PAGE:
We get a lot of questions about how we measure the aerodynamic effectiveness of a bike and what the importance of actual wind tunnels is in an age when software can mimic some conditions we see in the wind tunnel. It's definitely interesting and we've spent the past 15 or so years developing the protocol we use in the wind tunnel and investigating CFD and other ways to dream, develop and test bicycle aerodynamics.
What is aerodynamics?
Aerodynamics is the study of forces and the resulting motion of objects through the air. In our case, the object refers to the system comprised by the bicycle and accessories plus the rider. For a detailed discussion, take a look at our Thinking and Process page on Aerodynamics.
An everyday example of the forces involved is the classic scenario when as kids, we put our hand out the car window. We could feel the force trying to drag our arm backwards and the variation in its magnitude as we changed the orientation and shape of our palm. If you do this at 50 km/hr and imagine your whole body immersed in the flow, you would feel what an elite rider experiences in a time trial stage. It is clear that the least amount of resistance there is to the motion, the faster the rider will be. Jim Martin wrote the defining paper on the topic and we've referred to it often over the past few years.
What are the tools of the trade for Cervélo?
Here at Cervélo we discovered very early on that an aerodynamically efficient bike yields good results (viz. winning.) For this reason, we have invested heavily to create a very strong in-house aero department comprised of a full-time aerodynamicist and a consultant with many years of experience in the field.
In addition to having the right personnel, part of the investment has been getting the very best tools in the market for aerodynamic research and development. The three basic tools are actual road testing, computational fluid dynamics (CFD,) and wind tunnel testing. Each method has its own advantages and disadvantages.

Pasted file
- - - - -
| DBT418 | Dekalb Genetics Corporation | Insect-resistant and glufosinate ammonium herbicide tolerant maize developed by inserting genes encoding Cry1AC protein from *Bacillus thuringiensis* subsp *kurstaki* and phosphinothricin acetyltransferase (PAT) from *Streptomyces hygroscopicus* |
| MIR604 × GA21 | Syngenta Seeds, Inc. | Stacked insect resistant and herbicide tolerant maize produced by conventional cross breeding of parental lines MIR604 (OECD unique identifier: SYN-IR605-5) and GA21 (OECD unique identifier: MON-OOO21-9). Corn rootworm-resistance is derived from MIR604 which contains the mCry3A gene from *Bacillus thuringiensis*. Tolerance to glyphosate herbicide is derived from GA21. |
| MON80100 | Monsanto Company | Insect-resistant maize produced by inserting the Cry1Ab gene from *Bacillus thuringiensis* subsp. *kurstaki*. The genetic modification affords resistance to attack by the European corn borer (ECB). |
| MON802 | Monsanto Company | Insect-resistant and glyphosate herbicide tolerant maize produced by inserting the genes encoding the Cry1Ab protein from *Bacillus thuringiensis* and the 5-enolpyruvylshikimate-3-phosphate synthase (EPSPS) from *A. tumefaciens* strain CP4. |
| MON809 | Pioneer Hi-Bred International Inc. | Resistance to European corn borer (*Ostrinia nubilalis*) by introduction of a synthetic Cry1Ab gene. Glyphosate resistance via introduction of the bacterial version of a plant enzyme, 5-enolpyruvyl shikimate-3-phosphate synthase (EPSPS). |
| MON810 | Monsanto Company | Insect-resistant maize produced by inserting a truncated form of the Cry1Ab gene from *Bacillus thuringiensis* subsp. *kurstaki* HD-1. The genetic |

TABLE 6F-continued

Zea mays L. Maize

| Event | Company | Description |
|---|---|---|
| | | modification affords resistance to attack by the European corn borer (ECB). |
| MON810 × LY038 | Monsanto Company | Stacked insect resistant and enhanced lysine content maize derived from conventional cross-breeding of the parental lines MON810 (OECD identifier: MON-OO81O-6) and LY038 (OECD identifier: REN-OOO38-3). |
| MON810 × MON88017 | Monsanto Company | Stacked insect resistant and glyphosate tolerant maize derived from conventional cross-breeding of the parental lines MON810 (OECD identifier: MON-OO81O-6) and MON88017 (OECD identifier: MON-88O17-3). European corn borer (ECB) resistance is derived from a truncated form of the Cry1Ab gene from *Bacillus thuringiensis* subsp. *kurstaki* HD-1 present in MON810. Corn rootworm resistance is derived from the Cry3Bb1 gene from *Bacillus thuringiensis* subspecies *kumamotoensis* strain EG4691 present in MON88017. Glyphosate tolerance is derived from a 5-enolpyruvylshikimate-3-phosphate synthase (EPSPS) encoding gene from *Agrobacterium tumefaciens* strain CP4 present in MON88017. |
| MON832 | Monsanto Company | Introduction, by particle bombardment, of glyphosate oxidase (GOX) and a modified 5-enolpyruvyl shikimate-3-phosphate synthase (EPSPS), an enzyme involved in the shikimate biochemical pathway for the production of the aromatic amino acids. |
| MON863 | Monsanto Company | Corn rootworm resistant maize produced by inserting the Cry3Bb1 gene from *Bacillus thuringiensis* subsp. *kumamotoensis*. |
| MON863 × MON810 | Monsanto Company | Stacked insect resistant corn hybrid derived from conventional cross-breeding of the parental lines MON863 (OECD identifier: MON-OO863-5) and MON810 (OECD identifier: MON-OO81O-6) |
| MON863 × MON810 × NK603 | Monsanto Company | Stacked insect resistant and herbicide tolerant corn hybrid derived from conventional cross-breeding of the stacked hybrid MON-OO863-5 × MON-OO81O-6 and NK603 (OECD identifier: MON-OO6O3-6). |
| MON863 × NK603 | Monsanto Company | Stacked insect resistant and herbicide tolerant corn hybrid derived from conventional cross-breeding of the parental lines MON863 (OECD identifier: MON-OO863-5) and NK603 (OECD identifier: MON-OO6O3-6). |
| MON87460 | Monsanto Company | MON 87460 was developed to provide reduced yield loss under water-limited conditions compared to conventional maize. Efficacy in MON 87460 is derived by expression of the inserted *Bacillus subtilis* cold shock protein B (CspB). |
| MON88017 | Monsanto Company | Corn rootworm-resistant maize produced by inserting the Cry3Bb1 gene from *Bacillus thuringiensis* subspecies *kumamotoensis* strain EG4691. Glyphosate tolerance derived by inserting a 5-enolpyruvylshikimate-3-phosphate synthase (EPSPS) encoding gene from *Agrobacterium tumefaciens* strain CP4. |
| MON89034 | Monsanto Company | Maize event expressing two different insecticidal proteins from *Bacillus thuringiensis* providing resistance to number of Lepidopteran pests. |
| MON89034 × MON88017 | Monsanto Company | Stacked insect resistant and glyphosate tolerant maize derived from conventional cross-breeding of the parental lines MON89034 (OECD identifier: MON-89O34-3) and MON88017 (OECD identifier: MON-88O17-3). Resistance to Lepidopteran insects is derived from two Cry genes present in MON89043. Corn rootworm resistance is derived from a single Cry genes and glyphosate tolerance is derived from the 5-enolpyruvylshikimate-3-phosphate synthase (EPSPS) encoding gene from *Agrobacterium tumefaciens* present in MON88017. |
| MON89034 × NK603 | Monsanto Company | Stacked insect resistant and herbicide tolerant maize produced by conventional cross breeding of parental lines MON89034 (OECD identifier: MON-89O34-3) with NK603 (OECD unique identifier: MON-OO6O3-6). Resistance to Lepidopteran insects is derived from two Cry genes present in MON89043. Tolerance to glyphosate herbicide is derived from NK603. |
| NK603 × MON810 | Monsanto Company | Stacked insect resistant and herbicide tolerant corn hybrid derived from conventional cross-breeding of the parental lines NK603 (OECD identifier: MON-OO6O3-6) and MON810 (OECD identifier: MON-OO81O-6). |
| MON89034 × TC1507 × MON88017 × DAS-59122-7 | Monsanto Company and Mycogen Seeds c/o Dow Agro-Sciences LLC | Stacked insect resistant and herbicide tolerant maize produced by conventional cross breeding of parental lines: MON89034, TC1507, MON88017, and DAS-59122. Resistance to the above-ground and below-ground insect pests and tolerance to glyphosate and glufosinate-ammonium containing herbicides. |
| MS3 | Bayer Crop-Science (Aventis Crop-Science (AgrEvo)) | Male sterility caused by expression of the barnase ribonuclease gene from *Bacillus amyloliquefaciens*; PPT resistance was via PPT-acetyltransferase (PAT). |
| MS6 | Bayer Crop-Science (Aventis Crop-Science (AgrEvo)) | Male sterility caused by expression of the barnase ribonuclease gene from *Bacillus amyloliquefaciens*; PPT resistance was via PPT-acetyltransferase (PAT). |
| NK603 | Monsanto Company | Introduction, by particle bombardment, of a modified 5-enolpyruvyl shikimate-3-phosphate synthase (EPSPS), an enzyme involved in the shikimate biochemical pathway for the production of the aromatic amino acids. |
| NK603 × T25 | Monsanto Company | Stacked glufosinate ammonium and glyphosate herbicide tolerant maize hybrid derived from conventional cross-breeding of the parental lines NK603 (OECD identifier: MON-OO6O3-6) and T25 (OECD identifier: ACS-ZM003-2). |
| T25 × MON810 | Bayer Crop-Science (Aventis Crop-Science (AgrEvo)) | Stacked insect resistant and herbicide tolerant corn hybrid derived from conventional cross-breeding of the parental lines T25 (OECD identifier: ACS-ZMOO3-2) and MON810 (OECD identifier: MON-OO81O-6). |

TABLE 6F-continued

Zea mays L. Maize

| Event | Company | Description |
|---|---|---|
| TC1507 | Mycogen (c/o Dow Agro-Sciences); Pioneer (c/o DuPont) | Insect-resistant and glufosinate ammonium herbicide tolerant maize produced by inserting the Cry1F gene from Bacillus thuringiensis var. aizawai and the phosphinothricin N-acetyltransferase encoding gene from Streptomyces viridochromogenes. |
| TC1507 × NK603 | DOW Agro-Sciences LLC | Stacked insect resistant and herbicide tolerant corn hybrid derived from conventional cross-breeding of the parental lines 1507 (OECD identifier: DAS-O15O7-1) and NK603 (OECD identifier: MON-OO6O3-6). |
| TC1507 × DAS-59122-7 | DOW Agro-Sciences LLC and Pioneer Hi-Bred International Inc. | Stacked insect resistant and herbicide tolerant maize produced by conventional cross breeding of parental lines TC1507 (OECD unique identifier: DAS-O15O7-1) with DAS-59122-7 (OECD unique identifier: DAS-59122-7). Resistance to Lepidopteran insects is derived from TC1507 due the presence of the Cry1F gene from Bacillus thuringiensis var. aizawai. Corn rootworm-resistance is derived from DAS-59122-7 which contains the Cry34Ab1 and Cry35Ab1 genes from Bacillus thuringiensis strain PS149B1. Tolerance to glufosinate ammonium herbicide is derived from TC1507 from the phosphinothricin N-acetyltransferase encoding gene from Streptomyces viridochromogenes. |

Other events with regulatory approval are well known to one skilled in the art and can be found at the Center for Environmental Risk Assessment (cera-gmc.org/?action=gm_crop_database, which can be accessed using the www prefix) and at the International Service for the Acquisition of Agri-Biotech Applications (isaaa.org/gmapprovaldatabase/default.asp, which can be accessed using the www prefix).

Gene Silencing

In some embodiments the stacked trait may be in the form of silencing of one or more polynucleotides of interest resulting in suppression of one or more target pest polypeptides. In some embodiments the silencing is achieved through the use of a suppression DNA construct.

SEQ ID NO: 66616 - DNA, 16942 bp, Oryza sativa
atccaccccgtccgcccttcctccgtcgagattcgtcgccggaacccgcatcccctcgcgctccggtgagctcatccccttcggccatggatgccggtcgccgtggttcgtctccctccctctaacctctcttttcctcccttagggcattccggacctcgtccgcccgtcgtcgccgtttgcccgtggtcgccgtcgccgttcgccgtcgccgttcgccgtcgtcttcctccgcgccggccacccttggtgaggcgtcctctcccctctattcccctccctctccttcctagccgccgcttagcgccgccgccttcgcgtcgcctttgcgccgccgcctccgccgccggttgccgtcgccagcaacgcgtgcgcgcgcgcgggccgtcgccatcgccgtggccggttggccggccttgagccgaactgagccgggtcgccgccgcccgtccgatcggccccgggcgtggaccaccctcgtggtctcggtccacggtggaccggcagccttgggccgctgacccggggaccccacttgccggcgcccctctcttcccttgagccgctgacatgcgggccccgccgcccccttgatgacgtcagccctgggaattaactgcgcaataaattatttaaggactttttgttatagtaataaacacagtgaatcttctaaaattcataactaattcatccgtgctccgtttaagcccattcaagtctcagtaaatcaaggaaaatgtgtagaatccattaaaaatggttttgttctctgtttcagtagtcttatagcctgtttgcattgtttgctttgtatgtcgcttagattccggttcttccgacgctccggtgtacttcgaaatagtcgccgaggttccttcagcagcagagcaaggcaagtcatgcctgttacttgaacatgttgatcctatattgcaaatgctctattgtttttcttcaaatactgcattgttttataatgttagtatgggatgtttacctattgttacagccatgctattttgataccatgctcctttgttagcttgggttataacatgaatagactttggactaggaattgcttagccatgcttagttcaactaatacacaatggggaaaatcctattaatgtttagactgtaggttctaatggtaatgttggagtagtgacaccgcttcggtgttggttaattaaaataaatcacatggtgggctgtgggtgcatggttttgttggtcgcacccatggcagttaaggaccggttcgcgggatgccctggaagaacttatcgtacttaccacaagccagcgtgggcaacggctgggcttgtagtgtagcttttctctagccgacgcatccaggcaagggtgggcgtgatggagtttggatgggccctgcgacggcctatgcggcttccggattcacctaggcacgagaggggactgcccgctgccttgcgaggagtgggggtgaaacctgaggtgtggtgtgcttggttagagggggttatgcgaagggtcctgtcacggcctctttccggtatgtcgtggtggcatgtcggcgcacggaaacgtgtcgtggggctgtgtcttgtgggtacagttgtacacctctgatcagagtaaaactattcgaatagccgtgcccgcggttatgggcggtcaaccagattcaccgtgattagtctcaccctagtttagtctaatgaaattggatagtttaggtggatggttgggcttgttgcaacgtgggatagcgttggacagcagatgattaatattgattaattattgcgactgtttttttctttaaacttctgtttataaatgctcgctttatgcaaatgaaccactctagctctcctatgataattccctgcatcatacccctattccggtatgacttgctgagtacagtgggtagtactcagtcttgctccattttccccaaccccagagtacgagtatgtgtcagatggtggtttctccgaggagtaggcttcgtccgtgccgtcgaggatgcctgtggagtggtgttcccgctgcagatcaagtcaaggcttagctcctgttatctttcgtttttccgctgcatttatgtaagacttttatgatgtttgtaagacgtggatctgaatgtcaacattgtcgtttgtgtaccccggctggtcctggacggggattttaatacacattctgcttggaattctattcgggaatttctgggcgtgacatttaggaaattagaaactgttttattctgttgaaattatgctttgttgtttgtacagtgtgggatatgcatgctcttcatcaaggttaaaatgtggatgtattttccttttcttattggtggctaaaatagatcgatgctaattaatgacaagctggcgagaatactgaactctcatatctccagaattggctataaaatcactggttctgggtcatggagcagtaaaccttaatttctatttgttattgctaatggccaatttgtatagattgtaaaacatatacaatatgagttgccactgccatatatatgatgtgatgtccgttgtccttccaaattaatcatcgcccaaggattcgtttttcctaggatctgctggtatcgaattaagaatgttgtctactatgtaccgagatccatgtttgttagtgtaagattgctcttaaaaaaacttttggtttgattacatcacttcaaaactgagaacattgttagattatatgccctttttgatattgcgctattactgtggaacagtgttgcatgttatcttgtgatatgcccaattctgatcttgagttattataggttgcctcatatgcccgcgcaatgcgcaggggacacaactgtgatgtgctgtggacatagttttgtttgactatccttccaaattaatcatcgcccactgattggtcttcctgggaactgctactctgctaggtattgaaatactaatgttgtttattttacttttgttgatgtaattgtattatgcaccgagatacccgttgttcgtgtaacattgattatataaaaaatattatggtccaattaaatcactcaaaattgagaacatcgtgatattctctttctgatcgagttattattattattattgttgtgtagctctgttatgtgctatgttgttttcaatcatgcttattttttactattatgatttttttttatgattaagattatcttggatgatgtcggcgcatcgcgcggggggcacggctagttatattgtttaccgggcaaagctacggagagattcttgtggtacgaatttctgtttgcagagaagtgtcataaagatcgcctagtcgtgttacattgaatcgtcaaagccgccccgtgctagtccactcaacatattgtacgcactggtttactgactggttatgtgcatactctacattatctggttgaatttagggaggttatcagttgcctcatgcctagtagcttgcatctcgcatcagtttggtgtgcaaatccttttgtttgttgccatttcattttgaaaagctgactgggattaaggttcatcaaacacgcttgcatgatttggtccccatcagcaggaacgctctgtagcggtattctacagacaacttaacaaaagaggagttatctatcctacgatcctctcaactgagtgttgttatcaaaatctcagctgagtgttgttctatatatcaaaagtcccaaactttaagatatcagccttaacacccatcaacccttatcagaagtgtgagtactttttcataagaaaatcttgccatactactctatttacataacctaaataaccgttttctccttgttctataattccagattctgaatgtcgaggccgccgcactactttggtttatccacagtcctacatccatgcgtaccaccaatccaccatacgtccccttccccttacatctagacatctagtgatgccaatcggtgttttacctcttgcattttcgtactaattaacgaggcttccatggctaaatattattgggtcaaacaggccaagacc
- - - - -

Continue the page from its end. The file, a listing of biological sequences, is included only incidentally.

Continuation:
Common sense would lead us to believe that road testing would yield the most realistic results, since it is tested with real products, real riders, and under real conditions. However, measuring the drag on the road is very difficult given all the random variations such as rider position, system vibration, varying ambient conditions, varying road conditions, etc. In addition, during the developmental stages there is no actual bike to test - which makes road testing rather difficult when we're designing a new bike.
Consequently, road testing is limited to improving the individual rider performance once the bike has been designed. We are fortunate to have direct access to the professional athletes from the Garmin-Cervélo team and they provide constant feedback to VWD (Vroomen-White Design). That helps us speed up the development time.
The second tool used by the aerodynamics department at VWD is a relatively recent phenomenon introduced to the design process of aerodynamic bicycles - and we at Cervélo are pioneers in using this technique. It is a branch of science known as computational fluid dynamics (CFD) which uses computer power to provide simulations of fluid flow.
The primary benefit of CFD is the ability to improve and modify a bicycle's shape before it is built with the parallel use of CAD (computer-aided design) and CFD. It is very easy to test several ideas, conservative or innovative, in a virtual environment to determine which one of them justifies rapid prototyping for further investigation in the wind tunnel. The main disadvantage of CFD is that a full model simulation with a complete bike plus the rider is computationally expensive. For this reason, we have devised a methodology to utilize these two tools to their full potential, yielding better bikes in a reduced turnaround time.
The Wind Tunnel
The third tool used at Cervélo is the venerable wind tunnel. Wind tunnels allow test conditions to be highly controlled and be independent of the external atmospheric conditions since the test model stays stationary while the air moves relative to it.
What wind tunnels are used by Cervélo?